CHRIS GIMENEZ: I think I was saying this yesterday, even though he's not a hundred percent, Adrian Beltre at 50 percent is better than most people's one hundred percent. The fact that he is back, that 50 percent or 60 or maybe even 20, I'm not a hundred percent on that. That's a lot of percentages there. But yeah, I think really having him back in this lineup does wonders for us. It just shows what an unbelievable professional he is that he can come out yesterday, get two hits and manage to even walk around on the field, I think, because I've seen the way he's been in the clubhouse the last few days and that's not our typical Adrian that we all know and love. But the fact that we do have him back in the middle of our lineup is a big piece because now you have the game plan for him as well. And like I said, even just 50 percent is better than a lot of guys' a hundred. And the fact that he is in there between Prince and Choo is a big, big part of that. He's been obviously such a big part of this team and this organization for the last few years that to not have a guy like that in the lineup, it hurts. But at the same point it also gave Hanser an opportunity to come up and be a hero, and he filled in admirably for some shoes that are pretty darn big to have to step in and fill. But really having him back in the lineup is a big relief, I think on all of our parts. I know I'm sure Manny and JD feel the same way on that. But really just having his leadership out there is the key to it.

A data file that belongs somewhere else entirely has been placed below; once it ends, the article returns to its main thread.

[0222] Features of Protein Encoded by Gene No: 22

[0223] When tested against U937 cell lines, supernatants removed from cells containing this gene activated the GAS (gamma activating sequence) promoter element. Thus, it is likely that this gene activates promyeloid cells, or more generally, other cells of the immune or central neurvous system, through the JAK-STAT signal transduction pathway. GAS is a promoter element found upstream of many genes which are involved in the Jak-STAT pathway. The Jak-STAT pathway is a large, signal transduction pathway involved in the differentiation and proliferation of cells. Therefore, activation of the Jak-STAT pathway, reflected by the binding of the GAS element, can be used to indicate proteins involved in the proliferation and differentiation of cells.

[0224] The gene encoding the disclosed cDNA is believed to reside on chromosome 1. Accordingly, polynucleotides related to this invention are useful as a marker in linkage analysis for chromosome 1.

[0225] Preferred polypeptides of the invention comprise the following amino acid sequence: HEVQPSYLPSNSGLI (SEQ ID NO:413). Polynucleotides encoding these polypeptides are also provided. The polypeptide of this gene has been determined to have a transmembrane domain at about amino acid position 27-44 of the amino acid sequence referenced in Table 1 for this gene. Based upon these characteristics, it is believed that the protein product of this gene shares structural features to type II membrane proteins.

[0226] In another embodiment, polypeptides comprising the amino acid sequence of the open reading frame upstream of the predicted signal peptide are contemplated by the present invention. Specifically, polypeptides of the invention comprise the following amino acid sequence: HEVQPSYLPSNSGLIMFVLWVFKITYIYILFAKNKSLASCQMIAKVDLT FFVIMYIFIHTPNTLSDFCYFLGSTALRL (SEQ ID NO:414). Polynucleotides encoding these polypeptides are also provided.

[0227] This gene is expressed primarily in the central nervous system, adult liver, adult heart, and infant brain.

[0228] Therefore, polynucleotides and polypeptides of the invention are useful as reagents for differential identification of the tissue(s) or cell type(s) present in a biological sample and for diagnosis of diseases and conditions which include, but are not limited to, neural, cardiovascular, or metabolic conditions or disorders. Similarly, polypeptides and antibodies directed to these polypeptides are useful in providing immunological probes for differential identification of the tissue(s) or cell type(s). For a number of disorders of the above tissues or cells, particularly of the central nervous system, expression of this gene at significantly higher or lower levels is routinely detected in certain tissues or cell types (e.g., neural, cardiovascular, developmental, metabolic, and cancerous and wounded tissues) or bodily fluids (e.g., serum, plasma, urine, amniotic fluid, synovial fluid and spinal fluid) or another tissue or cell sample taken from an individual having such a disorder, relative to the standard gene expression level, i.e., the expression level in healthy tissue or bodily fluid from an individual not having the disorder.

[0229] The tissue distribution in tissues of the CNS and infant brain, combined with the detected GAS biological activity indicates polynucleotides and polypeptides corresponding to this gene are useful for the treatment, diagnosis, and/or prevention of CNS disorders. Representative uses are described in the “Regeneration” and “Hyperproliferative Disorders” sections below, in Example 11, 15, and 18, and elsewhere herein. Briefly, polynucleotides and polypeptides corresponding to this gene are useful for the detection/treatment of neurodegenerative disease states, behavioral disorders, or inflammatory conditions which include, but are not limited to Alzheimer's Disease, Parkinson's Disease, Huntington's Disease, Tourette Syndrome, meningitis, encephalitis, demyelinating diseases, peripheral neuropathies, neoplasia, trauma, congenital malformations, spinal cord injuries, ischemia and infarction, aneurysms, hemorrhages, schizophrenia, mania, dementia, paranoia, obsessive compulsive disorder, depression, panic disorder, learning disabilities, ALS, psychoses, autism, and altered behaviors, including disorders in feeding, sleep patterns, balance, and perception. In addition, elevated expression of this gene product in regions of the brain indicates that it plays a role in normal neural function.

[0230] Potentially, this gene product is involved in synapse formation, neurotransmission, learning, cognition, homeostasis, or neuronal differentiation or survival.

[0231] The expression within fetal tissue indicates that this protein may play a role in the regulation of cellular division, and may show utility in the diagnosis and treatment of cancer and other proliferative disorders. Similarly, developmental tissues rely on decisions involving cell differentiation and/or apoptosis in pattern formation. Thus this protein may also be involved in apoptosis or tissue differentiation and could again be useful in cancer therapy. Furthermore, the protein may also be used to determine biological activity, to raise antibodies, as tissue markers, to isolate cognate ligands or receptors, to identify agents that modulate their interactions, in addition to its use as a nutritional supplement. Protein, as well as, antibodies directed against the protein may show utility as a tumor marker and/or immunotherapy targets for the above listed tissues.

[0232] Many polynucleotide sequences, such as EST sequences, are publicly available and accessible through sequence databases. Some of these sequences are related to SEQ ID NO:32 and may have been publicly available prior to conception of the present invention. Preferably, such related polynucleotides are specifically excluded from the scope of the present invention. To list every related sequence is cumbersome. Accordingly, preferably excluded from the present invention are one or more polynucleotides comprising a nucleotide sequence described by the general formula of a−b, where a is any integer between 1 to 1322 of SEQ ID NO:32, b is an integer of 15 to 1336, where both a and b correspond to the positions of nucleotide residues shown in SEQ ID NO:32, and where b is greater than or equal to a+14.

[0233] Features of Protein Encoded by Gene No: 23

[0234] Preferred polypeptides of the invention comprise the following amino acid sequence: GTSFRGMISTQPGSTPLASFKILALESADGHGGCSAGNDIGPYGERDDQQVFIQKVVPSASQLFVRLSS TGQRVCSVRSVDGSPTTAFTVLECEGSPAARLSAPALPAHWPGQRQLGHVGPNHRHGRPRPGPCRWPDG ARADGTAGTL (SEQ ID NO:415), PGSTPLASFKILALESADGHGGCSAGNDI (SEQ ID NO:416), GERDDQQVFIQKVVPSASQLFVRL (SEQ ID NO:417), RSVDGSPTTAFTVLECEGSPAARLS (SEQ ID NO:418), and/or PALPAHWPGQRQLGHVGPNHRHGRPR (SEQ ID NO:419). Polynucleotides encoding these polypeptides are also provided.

Q. Beltre said after that loss that he thought he doesn't need to go home yet?
CHRIS GIMENEZ: Not at all.
Q. Can you kind of touch on that?
CHRIS GIMENEZ: Nobody in that locker room at any point wants to go home right now. I hate to say it but I kind of feel like we potentially play a little bit better with our backs against the wall based on basically the last month and a half, it's pretty much we've had to win every series or, you know, I mean five, six seven games in a row to even get in the position we are right now, and nobody wants to go home, nobody wants this thing to end. We do feel like there is something special in this clubhouse and with this team and this group of guys that they've put together for us and really it's just up to us to go out there and accomplish it now. We have nobody to blame but us if we don't finish the deal off. It's just, you know, I know for me personally I definitely don't want the off-season to start. The off-season, that's great, lot of fun, spend time with your family but all that can wait. We have bigger things on our minds.